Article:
I’ve lived in Long Beach pretty much all my life, and have lots of friends who’ve lived in Torrance. I’ve passed by Zamperini Field numerous times without stopping to wonder who it was named after. Well, now I know.
Louie Zamperini was a world-class runner on the way to breaking the barrier of the four-minute mile when, suddenly, his country needed him. He heeded the call and joined the Army’s Air Corps as a bombardier. I just finished reading Catch-22, and I’m glad that I got to read a little of it before reading Unbroken because it helped me to create a backdrop of absurdity for what I was about to read.
Zamperini crashed in the middle of the ocean, survived on rainwater and fish for over a month, and was then captured and tortured by the Japanese.
My parents are Korean, and many people of their generation dislike the Japanese, a propensity passed down to them by their parents before them. I’d always known it was because of the Japanese occupation of Korea, but I’d never learned about the brutality of that occupation. After reading this book, I can understand a little better why my parents have such an aversion to the sound of the Japanese language. What happened in those death camps was inhuman at the basest level.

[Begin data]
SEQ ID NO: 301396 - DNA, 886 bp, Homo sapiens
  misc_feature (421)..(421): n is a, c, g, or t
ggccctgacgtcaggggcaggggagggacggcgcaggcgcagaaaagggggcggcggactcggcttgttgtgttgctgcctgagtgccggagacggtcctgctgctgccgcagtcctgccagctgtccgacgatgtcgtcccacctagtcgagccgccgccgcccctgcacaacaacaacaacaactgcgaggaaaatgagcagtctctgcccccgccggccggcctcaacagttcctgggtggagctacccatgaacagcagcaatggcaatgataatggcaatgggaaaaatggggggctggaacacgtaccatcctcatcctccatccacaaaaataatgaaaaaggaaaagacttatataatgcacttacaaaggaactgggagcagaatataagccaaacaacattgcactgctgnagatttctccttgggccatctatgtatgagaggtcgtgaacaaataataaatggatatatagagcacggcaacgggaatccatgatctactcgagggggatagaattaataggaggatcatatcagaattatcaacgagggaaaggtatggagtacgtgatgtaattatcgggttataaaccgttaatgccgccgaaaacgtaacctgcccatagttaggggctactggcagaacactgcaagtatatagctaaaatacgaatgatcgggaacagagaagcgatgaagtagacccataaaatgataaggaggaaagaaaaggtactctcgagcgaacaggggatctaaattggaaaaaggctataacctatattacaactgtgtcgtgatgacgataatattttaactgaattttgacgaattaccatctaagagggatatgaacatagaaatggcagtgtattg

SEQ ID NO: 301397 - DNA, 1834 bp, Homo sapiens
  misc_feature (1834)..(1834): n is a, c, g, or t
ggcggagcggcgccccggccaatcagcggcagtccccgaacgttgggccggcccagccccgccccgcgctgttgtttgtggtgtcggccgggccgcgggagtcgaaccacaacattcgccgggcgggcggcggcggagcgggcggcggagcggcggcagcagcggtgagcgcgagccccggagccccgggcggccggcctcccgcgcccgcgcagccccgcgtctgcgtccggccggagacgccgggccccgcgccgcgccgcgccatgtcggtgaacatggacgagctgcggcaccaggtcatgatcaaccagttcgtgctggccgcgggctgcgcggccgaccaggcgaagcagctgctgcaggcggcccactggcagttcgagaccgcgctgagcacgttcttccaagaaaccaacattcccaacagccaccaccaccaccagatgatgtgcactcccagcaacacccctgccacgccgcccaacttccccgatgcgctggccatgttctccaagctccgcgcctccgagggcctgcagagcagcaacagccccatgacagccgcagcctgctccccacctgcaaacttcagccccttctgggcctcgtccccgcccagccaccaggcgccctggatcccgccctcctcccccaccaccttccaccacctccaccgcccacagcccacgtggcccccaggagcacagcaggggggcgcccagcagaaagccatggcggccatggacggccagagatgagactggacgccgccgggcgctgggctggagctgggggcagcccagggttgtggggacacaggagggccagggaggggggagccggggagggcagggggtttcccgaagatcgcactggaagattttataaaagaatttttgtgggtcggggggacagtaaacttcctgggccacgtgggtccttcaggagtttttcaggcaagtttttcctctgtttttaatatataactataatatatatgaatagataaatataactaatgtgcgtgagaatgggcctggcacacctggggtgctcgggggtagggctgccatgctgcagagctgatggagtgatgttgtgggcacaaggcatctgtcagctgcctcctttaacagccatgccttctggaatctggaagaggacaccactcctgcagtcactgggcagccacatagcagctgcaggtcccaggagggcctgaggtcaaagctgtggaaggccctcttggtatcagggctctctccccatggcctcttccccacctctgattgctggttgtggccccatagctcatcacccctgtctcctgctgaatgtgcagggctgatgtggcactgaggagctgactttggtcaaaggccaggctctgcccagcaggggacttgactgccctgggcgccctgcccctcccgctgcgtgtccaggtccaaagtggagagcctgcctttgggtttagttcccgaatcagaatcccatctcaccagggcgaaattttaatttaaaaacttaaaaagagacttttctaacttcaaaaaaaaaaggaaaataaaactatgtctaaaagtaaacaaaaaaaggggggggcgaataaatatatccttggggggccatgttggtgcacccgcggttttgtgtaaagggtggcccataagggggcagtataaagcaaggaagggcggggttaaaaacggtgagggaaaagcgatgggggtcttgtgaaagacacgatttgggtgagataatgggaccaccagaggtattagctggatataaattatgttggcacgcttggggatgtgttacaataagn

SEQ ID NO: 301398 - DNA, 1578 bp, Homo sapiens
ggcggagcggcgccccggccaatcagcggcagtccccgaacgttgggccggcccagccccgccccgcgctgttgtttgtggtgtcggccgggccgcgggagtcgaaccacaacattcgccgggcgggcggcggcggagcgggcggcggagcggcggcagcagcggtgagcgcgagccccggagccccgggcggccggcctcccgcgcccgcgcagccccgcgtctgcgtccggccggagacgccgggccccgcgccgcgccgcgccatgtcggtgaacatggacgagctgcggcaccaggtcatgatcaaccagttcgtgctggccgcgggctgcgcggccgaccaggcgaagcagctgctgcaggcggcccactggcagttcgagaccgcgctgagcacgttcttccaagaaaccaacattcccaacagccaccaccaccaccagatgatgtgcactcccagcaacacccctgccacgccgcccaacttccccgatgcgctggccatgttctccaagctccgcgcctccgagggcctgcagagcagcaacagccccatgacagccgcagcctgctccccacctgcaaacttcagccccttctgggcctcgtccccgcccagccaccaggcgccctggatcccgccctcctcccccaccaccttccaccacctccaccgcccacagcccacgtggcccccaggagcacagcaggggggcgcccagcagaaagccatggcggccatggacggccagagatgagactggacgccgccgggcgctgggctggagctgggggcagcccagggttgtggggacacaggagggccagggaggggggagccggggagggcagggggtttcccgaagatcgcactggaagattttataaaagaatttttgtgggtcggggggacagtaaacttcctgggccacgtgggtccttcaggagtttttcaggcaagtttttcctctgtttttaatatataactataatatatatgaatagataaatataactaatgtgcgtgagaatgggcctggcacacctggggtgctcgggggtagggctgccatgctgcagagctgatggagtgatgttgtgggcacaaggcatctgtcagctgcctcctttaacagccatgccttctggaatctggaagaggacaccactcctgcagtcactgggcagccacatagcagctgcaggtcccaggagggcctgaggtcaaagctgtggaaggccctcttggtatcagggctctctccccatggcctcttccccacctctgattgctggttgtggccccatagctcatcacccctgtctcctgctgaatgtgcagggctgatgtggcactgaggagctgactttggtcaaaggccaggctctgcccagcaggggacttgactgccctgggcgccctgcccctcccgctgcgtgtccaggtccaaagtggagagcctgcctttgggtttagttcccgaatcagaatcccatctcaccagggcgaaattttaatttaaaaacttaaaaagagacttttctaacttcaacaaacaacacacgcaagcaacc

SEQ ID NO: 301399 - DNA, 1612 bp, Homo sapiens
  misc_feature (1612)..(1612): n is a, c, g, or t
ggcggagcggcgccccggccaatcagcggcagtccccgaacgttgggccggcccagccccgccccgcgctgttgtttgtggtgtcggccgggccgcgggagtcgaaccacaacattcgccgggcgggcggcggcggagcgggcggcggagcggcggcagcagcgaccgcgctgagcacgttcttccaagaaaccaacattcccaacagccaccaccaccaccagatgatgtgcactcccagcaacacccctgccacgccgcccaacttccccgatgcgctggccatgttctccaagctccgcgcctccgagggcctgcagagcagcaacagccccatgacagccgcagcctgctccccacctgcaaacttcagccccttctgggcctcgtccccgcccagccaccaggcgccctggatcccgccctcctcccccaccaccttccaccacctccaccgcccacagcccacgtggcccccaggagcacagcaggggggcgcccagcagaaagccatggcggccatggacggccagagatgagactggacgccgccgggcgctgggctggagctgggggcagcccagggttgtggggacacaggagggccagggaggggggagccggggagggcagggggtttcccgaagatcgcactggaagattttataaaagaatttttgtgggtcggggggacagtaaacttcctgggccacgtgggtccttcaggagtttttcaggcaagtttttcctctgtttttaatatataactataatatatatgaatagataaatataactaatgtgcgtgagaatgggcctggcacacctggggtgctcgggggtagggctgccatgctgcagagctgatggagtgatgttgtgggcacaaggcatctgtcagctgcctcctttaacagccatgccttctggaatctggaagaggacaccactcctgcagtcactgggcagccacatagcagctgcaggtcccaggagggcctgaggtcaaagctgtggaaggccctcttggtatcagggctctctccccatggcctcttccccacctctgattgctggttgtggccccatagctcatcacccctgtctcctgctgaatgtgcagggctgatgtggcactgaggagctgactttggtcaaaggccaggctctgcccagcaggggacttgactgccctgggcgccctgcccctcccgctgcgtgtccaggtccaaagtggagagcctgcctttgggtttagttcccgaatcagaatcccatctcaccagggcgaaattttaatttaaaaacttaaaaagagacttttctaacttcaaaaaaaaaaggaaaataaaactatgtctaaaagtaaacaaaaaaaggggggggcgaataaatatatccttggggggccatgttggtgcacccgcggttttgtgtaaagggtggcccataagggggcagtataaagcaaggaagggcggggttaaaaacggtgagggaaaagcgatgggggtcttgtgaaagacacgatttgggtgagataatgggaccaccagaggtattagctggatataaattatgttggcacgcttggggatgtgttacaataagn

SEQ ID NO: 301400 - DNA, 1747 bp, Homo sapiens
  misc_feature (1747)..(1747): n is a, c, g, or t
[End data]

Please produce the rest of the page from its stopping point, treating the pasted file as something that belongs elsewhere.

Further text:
It makes me really sad and ashamed to know that POWs in American prisons are treated with similar cruelty and lack of dignity (Abu Ghraib, I’m looking at you). Maybe they’re not being starved, but we do know that they’re being humiliated. I get that some of them might have done awful things, but most of them were just following orders. Nothing gives us the right to torture them, no matter what they’ve done to us. This is the one time I’m going to have to disagree with Jack Bauer.
Anyway, Zamperini’s story is nothing short of amazing. The fact that he was able to survive so many different hardships is boggling. Hillenbrand’s writing is strong, precise, and honest, which I really appreciate. I appreciate that she didn’t try to gloss over his struggle with alcoholism after coming home, as well as his conversion to Christianity later in life. She told the story of the real Louie Zamperini without pulling any punches.
He’s still alive, by the way. He’ll probably outlive us all. Louie Zamperini is a survivor if ever there was one.